By Cory Davis
This is a review of “Handcrafted Leadership” by Bob Chartier. This book was published in 2015 by Doghouse Publishing in Calgary Alberta.
“Excellent addition to your leadership repertoire”
About the Author
I received this book from Bob Chartier himself in 2016 while attending a course he taught in Prince George, British Columbia at the Ramada Hotel. It was my first multi-day course on the art of facilitation and engagement. If you have the opportunity to attend one of his courses, I highly recommend it. As you could imagine, a course on facilitation and engagement should be engaging and well-facilitated. It was.
Bob Chartier is a speaker, writer, artisan, and musician. He is the author of two books, “Handcrafted Leadership” and “Bureaucratically Incorrect: Letters to a Young Public Servant”. He also authored several essays. He had a long career with the Canadian public service in many different capacities including working with Deputy Ministers and their management teams and has taught executive leadership programs at Royal Roads University. I got my B.Sc. from Royal Roads University in 2015 and only wish I were smart enough to know he was instructing classing there.
I have no affiliation with Bob Chartier and make no money from advertisements. However, if you are interested in his work, please visit his website at www.BobChartier.ca to find out more, or better yet attend his courses, hire him to speak at your event or buy his books.
What is Handcrafted Leadership All About?
Handcrafted Leadership is a guide to the art of facilitation and engagement giving the reader tool after tool to lead meetings for business results. It tackles difficult problems and is forward looking. It is practical, concise, and short. The tools provided in this book are tried and true. They have been rigorously tested and proven to be effective.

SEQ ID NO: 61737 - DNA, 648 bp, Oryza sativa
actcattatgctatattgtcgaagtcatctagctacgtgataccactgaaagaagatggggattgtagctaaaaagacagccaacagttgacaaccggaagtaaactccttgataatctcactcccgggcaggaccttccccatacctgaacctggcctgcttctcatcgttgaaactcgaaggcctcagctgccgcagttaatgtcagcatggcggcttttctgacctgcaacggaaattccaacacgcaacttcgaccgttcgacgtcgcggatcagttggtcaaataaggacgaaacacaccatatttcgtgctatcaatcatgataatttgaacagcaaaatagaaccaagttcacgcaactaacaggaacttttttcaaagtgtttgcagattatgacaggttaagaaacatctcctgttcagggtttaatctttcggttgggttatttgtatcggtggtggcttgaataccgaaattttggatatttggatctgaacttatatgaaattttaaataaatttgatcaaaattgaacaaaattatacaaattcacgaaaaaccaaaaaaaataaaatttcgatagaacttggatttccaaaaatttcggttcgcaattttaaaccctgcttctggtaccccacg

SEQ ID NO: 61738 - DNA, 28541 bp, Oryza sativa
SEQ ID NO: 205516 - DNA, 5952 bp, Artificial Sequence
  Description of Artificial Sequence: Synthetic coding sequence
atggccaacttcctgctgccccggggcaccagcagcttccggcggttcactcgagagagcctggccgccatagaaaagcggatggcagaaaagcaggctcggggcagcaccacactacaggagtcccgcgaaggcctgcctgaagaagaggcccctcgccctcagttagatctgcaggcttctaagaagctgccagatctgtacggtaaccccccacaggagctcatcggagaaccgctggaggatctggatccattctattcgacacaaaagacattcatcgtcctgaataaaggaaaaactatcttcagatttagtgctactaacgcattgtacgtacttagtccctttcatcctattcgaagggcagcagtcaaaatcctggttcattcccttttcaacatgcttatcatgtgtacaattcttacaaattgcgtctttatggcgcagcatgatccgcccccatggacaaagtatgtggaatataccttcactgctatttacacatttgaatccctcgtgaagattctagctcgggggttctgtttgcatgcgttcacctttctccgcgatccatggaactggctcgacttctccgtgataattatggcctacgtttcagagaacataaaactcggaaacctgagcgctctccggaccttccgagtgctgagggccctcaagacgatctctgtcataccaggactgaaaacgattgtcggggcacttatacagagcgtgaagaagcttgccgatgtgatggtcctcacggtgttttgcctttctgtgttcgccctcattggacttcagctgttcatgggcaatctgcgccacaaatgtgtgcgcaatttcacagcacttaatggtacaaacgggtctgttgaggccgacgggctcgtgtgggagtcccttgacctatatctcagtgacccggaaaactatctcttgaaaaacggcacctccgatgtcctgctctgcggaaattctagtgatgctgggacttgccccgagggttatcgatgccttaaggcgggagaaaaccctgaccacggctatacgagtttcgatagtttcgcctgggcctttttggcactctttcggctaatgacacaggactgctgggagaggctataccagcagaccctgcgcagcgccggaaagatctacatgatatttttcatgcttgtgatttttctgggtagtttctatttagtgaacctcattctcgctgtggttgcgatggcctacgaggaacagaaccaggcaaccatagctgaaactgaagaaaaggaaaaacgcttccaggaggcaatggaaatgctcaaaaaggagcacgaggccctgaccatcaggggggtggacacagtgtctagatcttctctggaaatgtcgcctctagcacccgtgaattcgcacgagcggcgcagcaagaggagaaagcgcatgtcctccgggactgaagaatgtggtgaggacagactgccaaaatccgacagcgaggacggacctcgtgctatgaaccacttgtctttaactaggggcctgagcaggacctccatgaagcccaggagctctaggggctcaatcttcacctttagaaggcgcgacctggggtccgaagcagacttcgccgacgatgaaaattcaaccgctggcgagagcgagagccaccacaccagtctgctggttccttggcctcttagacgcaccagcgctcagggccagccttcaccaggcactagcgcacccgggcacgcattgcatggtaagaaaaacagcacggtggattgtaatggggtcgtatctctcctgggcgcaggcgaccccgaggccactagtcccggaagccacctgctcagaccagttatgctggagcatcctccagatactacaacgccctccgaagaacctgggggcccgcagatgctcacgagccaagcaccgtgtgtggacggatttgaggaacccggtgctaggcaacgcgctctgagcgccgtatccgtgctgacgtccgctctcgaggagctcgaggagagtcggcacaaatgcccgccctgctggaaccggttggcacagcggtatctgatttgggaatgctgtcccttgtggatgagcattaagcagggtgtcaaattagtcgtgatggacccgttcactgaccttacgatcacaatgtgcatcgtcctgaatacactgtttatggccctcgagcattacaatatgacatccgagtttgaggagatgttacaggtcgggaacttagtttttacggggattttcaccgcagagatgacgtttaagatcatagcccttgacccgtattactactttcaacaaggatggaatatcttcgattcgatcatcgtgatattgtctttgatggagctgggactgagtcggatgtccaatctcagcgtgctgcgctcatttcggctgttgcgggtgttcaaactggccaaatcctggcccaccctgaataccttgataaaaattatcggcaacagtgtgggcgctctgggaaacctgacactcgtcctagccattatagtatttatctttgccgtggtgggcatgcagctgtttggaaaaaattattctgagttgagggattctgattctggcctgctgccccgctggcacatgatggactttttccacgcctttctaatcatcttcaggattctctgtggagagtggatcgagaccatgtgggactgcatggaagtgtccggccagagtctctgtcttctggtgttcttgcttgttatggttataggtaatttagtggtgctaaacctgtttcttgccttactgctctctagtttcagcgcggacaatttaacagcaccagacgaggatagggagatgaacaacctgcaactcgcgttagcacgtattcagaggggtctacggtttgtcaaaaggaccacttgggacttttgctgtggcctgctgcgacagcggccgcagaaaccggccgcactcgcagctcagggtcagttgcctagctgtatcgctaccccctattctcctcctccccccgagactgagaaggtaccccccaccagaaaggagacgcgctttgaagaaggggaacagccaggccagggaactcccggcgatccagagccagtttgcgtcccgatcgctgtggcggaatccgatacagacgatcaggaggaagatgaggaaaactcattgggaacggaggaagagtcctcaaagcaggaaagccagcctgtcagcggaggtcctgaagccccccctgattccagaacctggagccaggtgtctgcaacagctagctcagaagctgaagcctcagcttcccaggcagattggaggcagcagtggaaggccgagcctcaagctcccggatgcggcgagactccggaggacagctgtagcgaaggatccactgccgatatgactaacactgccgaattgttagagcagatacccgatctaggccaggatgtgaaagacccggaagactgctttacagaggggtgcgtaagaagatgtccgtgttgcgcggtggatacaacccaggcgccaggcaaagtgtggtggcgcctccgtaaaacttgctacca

This book is an excellent addition to your leadership repertoire. However, on a deeper level this book does much more. These are critical times for humanity. Thus, we need to work efficiently and effectively. Throughout my career I have seen hundreds of working hours wasted in ineffective and inefficient meetings.
I often hear people groan about attending meetings. Well, if you don’t want to be in a meeting, you probably shouldn’t be there. This is a problem with meetings today. We often do not accomplish enough. They are bland information disseminating relics of a previous era. Today, we know that meetings and teamwork can accomplish much more when facilitated well. There is power in numbers: innovation, collaboration, comradery, motivation, community, and relationship building. However, most of us know that teamwork is difficult. At university, you may have hated working in teams. Teamwork is tough – when it is accomplished haphazardly.
There is an art to teamwork, facilitation, and engagement. These are real skills that needs deep consideration and practice for your team to achieve its potential. This book is an excellent addition to this compendium of knowledge.
What “Handcrafted Leadership” promises the reader